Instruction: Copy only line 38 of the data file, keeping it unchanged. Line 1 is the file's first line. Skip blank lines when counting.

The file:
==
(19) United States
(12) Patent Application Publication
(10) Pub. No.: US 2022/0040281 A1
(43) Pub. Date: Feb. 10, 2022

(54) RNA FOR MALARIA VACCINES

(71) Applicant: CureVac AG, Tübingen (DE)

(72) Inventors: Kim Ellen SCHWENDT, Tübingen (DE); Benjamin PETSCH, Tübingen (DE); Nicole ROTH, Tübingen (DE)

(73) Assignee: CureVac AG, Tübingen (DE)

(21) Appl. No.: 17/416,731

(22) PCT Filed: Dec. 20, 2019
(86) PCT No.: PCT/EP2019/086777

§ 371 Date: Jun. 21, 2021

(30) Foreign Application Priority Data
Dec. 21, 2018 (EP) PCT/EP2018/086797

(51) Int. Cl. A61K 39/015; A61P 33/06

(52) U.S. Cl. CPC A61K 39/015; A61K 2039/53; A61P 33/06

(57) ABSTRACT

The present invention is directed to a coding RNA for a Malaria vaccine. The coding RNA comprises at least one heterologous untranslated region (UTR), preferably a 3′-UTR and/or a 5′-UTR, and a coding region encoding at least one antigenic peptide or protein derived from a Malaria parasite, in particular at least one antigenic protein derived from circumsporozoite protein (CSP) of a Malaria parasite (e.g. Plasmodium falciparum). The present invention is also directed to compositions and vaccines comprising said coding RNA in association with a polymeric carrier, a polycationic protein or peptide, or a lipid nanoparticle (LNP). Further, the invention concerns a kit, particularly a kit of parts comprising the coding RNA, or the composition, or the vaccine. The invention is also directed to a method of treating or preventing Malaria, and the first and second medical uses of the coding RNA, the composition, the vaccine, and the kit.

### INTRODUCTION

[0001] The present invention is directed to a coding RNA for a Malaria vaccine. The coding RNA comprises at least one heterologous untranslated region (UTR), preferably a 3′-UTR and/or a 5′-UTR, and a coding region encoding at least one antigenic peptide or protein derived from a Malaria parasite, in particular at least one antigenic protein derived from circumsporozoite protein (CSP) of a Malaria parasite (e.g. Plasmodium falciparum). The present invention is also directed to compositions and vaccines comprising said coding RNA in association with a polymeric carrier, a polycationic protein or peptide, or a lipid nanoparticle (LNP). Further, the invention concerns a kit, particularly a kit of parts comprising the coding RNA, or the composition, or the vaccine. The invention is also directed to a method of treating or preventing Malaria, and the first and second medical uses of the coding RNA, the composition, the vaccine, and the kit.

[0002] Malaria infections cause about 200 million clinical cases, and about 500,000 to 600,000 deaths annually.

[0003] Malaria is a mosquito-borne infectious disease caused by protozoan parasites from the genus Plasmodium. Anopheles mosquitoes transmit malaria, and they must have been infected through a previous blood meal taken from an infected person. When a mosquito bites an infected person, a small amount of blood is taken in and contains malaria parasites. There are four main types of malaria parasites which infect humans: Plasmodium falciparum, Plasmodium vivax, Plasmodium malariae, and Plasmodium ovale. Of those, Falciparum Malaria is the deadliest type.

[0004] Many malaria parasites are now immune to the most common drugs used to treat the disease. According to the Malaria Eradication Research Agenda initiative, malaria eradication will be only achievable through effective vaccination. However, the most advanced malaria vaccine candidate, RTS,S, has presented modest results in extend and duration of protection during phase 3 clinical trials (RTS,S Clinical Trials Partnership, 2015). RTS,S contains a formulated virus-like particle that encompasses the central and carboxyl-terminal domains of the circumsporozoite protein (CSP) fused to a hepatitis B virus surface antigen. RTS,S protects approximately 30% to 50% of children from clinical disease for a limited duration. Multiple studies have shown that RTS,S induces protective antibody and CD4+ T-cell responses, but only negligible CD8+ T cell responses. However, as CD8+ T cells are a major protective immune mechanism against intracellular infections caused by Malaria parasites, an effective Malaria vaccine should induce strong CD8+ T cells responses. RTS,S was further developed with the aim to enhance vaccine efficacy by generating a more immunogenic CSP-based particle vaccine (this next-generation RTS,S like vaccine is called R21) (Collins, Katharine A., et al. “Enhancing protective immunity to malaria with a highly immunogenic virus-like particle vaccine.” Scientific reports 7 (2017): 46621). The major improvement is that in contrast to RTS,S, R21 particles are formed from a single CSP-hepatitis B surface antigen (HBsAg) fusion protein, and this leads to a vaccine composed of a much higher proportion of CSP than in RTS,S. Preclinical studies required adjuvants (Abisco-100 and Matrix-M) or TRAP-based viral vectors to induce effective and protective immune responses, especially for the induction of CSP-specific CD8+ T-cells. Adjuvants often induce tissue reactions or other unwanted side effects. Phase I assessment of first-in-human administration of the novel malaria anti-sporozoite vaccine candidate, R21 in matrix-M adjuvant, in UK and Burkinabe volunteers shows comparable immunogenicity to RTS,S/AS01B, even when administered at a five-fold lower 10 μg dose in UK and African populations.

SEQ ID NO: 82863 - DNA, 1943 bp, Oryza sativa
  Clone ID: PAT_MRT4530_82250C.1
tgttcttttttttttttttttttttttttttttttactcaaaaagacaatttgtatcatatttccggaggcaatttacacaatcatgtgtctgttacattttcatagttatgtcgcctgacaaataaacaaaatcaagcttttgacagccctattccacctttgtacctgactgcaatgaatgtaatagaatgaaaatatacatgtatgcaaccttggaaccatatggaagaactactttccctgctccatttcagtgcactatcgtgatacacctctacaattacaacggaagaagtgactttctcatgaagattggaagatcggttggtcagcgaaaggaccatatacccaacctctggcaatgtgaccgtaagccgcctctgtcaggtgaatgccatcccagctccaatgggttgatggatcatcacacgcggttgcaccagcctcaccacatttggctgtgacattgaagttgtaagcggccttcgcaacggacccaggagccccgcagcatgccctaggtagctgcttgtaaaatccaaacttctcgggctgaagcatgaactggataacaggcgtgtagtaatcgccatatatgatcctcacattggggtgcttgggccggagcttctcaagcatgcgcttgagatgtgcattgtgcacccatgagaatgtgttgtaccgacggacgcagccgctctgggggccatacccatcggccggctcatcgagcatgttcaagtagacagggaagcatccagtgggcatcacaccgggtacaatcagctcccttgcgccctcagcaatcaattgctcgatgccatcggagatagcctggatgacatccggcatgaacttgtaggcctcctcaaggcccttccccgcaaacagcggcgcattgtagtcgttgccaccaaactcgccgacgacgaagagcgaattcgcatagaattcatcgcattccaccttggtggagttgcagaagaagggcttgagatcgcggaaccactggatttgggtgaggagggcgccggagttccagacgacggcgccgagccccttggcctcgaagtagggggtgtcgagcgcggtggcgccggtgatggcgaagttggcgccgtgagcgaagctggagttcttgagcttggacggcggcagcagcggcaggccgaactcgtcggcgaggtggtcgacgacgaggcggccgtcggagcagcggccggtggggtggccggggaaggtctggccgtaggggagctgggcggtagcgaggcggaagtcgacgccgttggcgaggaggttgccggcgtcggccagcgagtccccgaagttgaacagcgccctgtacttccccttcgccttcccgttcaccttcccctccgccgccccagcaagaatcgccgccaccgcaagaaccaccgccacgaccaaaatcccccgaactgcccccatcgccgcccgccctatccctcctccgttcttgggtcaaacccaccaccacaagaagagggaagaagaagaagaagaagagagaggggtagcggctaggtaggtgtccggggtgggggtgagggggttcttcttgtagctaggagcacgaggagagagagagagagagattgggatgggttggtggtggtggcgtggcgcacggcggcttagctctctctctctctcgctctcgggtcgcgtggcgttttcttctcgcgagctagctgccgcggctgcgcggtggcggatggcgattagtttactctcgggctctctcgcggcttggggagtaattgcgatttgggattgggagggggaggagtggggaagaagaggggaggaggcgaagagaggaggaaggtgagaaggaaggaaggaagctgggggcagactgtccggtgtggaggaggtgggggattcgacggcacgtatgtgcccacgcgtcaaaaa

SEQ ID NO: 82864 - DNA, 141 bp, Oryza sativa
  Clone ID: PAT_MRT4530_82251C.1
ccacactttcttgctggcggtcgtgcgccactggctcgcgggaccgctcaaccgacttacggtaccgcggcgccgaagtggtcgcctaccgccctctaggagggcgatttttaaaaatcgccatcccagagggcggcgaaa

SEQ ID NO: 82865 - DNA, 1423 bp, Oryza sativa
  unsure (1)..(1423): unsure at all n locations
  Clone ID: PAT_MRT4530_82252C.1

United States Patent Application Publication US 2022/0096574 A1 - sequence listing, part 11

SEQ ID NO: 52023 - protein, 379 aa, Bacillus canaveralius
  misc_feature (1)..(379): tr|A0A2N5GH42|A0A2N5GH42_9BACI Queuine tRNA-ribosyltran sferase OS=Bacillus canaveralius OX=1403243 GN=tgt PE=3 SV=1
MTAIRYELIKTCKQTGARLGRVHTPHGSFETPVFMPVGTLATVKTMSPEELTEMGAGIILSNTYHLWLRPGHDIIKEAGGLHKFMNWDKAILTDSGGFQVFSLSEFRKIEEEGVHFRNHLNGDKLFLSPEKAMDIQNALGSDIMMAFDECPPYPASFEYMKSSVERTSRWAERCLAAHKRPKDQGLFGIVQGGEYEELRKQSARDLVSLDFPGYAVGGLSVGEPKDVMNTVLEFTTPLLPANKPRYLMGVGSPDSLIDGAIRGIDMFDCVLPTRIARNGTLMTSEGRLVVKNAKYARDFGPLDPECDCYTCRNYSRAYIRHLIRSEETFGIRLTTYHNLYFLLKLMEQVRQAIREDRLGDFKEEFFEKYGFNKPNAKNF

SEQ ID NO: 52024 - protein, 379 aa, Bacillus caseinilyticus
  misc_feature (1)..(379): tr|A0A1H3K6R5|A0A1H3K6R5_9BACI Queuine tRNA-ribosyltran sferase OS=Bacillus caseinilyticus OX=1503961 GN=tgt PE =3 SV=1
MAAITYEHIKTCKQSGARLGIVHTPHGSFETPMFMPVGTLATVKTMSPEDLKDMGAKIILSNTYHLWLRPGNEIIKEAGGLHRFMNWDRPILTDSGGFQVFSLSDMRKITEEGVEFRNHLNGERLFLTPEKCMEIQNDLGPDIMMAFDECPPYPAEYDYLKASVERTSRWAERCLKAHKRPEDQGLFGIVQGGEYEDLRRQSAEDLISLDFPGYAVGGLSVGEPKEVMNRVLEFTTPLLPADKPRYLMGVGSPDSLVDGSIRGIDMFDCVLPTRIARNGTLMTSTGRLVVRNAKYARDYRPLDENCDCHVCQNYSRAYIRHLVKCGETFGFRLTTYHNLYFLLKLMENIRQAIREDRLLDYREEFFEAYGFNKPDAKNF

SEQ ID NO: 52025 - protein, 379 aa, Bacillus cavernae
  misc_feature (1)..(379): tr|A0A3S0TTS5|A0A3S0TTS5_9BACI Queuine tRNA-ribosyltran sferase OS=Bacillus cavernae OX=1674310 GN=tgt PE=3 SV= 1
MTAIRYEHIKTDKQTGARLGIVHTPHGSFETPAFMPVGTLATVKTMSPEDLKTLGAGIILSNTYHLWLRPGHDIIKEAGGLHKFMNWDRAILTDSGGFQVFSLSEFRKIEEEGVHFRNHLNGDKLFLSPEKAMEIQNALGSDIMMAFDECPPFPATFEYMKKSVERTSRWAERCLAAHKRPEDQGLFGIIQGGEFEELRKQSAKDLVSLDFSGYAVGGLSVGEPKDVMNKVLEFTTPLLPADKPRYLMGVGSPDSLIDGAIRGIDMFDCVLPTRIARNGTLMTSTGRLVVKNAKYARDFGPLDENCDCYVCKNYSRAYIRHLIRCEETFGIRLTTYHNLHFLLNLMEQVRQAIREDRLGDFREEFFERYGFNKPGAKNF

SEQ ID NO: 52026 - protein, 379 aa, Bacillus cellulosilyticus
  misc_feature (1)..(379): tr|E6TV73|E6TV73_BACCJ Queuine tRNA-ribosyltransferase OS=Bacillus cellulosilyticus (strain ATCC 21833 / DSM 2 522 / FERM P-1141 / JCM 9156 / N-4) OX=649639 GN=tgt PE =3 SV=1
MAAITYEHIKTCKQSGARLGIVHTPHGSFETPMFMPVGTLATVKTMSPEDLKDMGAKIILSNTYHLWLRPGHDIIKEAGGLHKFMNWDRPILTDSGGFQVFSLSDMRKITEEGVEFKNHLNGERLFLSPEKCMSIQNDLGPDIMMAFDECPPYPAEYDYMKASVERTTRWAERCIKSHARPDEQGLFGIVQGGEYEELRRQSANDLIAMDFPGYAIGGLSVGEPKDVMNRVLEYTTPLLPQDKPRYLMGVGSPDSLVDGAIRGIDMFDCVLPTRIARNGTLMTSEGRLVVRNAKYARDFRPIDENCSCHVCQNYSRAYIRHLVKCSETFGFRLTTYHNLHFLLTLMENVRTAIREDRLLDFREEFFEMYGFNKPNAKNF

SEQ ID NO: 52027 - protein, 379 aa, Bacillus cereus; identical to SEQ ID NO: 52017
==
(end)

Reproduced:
  misc_feature (1)..(379): tr|A0A1H3K6R5|A0A1H3K6R5_9BACI Queuine tRNA-ribosyltran sferase OS=Bacillus caseinilyticus OX=1503961 GN=tgt PE =3 SV=1